TR Property’s long-term returns put most other investment trusts to shame. What’s even more remarkable is that it’s smashed the market without focusing on traditional high-growth areas like technology, small-caps, or Asia.
Here’s a table showing the top trusts of the last two decades that I’m fond of using. TR Property sits proudly at #10:
Another one that got away?
TR Property has a rich history, dating back over a century, but it has only specialised in property since 1982.
Prior to 1982, its brief was somewhat, er, vaguer. According to its 1981 accounts, the objective of the company was:
To increase the wealth of shareholders by whatever means appropriate at any particular time.
I think that’s called wriggle room.
Marcus Phayre-Mudge, aged 51, has been the fund’s manager since 2011, although he has been involved in the fund’s management team since 1997.
He initially qualified as a Chartered Surveyor and worked at Knight Frank before moving into the investment world. There’s an excellent 13-minute presentation here that he recently gave about the case for property investing if you want a flavour of his style.
I first remember coming across TR Property in the 1990s. It was run by Henderson at the time and trading around 40p. I never bought it, although I think I came close to doing so. It’s ten times the price now, plus it’s paid out dividends of 3-4% each year.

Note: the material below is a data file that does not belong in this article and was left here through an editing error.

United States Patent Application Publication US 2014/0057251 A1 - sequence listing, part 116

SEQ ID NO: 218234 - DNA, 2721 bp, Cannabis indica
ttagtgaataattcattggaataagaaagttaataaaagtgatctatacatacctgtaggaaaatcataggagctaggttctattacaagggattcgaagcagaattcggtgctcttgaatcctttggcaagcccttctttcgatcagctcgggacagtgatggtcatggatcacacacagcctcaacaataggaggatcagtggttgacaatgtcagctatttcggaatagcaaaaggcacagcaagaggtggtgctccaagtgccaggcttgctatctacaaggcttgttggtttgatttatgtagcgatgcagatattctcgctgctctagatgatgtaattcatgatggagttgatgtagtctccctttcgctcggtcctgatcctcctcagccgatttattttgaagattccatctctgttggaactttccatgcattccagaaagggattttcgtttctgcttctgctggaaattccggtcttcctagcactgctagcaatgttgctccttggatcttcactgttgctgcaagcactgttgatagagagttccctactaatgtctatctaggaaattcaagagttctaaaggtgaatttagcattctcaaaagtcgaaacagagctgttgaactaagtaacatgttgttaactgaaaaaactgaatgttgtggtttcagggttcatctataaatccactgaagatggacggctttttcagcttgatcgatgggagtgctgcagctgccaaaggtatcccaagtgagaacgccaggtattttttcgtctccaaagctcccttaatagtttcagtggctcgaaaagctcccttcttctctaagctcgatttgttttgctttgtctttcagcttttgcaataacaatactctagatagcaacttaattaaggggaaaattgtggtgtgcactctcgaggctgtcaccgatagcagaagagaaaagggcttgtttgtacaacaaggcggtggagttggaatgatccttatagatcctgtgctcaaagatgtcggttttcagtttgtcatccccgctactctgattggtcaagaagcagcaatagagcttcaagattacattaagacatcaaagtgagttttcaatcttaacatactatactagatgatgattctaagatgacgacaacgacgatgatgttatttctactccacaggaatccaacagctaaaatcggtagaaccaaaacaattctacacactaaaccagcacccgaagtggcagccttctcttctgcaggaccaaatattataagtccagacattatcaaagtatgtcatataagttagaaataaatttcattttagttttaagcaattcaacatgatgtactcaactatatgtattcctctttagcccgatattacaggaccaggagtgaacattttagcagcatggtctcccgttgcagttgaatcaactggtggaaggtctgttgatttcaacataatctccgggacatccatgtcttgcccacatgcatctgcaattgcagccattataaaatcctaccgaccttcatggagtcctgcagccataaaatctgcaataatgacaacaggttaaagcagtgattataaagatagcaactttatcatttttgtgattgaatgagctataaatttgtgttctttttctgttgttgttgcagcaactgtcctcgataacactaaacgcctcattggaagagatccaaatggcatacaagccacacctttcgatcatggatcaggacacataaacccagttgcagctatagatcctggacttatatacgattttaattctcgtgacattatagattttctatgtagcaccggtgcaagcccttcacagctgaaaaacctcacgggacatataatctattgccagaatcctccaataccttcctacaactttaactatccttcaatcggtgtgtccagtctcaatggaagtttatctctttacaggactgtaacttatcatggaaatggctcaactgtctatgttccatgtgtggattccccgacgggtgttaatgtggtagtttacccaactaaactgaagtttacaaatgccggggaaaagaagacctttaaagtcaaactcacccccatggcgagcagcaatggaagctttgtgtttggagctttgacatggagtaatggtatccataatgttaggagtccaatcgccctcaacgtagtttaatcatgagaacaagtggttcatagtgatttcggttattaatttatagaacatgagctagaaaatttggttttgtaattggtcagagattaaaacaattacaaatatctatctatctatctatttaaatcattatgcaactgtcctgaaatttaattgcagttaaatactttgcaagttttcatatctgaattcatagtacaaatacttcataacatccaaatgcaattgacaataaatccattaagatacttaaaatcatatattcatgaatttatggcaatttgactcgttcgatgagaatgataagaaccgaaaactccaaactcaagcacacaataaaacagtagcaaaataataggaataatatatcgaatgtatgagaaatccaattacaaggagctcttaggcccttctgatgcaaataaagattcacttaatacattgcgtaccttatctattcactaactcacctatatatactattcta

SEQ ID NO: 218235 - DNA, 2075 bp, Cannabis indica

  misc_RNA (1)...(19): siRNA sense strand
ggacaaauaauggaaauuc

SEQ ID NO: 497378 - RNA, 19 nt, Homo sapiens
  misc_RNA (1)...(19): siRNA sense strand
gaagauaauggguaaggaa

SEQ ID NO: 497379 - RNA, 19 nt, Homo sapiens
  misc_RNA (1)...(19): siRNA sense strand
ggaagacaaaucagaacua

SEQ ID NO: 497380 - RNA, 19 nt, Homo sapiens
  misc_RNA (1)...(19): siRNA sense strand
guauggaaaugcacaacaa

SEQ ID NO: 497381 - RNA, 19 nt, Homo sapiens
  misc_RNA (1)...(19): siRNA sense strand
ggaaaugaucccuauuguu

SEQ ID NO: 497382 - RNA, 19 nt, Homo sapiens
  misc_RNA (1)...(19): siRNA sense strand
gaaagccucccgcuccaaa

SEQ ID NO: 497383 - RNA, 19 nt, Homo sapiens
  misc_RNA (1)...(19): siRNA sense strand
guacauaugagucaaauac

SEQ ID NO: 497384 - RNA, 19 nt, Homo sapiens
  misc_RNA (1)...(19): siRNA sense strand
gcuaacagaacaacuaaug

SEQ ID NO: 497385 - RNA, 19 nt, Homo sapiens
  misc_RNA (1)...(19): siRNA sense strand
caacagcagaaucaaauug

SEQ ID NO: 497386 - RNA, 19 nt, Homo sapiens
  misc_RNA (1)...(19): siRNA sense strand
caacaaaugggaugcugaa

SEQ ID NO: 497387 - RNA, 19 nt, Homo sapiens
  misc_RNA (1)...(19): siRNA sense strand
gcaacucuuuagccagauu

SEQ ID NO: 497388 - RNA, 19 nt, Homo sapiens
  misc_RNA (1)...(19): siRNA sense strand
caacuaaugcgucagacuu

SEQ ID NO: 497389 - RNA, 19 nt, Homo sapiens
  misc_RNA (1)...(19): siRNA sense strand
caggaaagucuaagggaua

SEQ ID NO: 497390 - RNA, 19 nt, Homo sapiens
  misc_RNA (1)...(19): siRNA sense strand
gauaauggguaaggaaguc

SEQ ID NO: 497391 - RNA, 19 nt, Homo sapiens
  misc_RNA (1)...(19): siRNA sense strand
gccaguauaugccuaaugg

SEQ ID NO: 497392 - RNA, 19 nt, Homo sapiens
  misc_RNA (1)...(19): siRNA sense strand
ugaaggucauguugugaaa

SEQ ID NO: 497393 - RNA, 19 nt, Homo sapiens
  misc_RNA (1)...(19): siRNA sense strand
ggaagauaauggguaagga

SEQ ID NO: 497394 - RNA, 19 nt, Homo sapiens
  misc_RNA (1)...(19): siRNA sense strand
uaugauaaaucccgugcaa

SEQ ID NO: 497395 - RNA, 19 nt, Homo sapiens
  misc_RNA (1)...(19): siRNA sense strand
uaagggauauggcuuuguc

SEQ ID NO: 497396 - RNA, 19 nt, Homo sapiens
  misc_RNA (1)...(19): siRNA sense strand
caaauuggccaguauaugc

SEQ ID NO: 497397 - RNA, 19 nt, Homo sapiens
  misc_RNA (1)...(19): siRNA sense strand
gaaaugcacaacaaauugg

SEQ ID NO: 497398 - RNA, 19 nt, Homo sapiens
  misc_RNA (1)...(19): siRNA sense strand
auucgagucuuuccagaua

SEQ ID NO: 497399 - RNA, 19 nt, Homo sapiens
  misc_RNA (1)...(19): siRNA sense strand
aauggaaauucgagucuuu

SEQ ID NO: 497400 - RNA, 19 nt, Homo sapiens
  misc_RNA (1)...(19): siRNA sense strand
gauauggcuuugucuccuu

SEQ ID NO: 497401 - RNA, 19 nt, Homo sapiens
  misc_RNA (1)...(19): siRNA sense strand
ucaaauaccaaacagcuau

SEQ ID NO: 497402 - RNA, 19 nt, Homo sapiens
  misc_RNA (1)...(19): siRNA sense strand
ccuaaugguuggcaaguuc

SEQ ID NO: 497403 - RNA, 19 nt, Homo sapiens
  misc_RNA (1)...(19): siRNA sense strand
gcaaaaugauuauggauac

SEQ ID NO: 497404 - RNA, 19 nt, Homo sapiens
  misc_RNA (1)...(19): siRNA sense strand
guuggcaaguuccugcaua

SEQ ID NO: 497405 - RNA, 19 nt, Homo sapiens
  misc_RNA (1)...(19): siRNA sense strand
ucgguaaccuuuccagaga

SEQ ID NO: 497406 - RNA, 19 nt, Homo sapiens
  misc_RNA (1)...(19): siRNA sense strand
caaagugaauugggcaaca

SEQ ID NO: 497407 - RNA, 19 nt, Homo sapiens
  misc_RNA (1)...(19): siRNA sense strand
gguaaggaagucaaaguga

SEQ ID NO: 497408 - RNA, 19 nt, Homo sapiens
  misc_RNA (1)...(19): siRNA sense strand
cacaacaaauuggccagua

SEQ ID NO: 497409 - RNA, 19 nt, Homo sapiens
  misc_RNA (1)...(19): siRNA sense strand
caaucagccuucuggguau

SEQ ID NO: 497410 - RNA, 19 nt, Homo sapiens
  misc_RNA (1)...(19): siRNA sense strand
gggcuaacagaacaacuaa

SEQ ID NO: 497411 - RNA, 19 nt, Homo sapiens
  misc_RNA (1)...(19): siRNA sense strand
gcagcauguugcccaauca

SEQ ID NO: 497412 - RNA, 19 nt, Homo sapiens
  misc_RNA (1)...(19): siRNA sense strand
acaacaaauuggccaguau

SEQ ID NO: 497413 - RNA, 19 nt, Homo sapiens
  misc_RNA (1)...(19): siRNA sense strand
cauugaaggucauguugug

Chris Turner (the previous fund manager and who was also very well regarded) and Phayre-Mudge (then his deputy) departed Henderson for Thames River Capital in 2004. The trust’s investment mandate went with them.
Thames River and many of its funds struggled in the aftermath of the financial crisis. It ended up being sold to F&C in 2010, which in turn was bought by BMO in 2014.
Of the dozen or so trusts that BMO runs, it’s one of just three that have kept their previous non-BMO branding (the others being F&C Investment Trust and European Assets).
Key stats for TR Property
- Founded: 1905
- Previous name: The Trust Union (until 1982)
- Ticker: TRY
- 10-year net asset return: +260%
- Benchmark used: FTSE EPRA Nareit Developed Europe Capped Index (Net, GBP, Total Return)
- Current price: 424.75p
- Indicated spread: 424p-425.5p (0.4%)
- Exchange market size: 5,000
- Results released: May (finals) and November (interims)
- Market cap: £1,348m
- Net assets / premium: 426.8p / 0.5%